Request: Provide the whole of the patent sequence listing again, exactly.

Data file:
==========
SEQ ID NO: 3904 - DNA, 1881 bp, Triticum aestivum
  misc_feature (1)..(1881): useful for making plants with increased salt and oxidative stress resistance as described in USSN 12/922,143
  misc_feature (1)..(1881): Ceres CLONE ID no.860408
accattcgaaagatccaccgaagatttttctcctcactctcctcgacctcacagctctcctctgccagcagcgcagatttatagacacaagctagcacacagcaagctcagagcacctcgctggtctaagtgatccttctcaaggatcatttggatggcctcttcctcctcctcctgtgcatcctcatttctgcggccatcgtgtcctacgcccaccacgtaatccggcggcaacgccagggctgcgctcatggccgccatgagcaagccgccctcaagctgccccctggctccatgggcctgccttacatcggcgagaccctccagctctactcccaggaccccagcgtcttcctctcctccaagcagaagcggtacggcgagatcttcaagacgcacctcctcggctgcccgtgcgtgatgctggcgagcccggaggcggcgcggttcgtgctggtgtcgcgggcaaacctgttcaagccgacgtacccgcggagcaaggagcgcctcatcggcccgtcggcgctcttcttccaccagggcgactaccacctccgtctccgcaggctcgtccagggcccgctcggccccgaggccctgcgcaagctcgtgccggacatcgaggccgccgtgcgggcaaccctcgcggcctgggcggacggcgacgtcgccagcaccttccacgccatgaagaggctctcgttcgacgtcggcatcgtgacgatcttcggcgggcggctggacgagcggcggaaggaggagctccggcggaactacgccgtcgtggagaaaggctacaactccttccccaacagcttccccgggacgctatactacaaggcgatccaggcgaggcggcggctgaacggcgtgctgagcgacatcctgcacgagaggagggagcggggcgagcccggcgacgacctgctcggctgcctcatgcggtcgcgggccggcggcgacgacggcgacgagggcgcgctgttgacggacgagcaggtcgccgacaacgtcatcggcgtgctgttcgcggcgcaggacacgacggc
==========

SEQ ID NO: 3904 - DNA, 1881 bp, Triticum aestivum
  misc_feature (1)..(1881): useful for making plants with increased salt and oxidative stress resistance as described in USSN 12/922,143
  misc_feature (1)..(1881): Ceres CLONE ID no.860408
accattcgaaagatccaccgaagatttttctcctcactctcctcgacctcacagctctcctctgccagcagcgcagatttatagacacaagctagcacacagcaagctcagagcacctcgctggtctaagtgatccttctcaaggatcatttggatggcctcttcctcctcctcctgtgcatcctcatttctgcggccatcgtgtcctacgcccaccacgtaatccggcggcaacgccagggctgcgctcatggccgccatgagcaagccgccctcaagctgccccctggctccatgggcctgccttacatcggcgagaccctccagctctactcccaggaccccagcgtcttcctctcctccaagcagaagcggtacggcgagatcttcaagacgcacctcctcggctgcccgtgcgtgatgctggcgagcccggaggcggcgcggttcgtgctggtgtcgcgggcaaacctgttcaagccgacgtacccgcggagcaaggagcgcctcatcggcccgtcggcgctcttcttccaccagggcgactaccacctccgtctccgcaggctcgtccagggcccgctcggccccgaggccctgcgcaagctcgtgccggacatcgaggccgccgtgcgggcaaccctcgcggcctgggcggacggcgacgtcgccagcaccttccacgccatgaagaggctctcgttcgacgtcggcatcgtgacgatcttcggcgggcggctggacgagcggcggaaggaggagctccggcggaactacgccgtcgtggagaaaggctacaactccttccccaacagcttccccgggacgctatactacaaggcgatccaggcgaggcggcggctgaacggcgtgctgagcgacatcctgcacgagaggagggagcggggcgagcccggcgacgacctgctcggctgcctcatgcggtcgcgggccggcggcgacgacggcgacgagggcgcgctgttgacggacgagcaggtcgccgacaacgtcatcggcgtgctgttcgcggcgcaggacacgacggc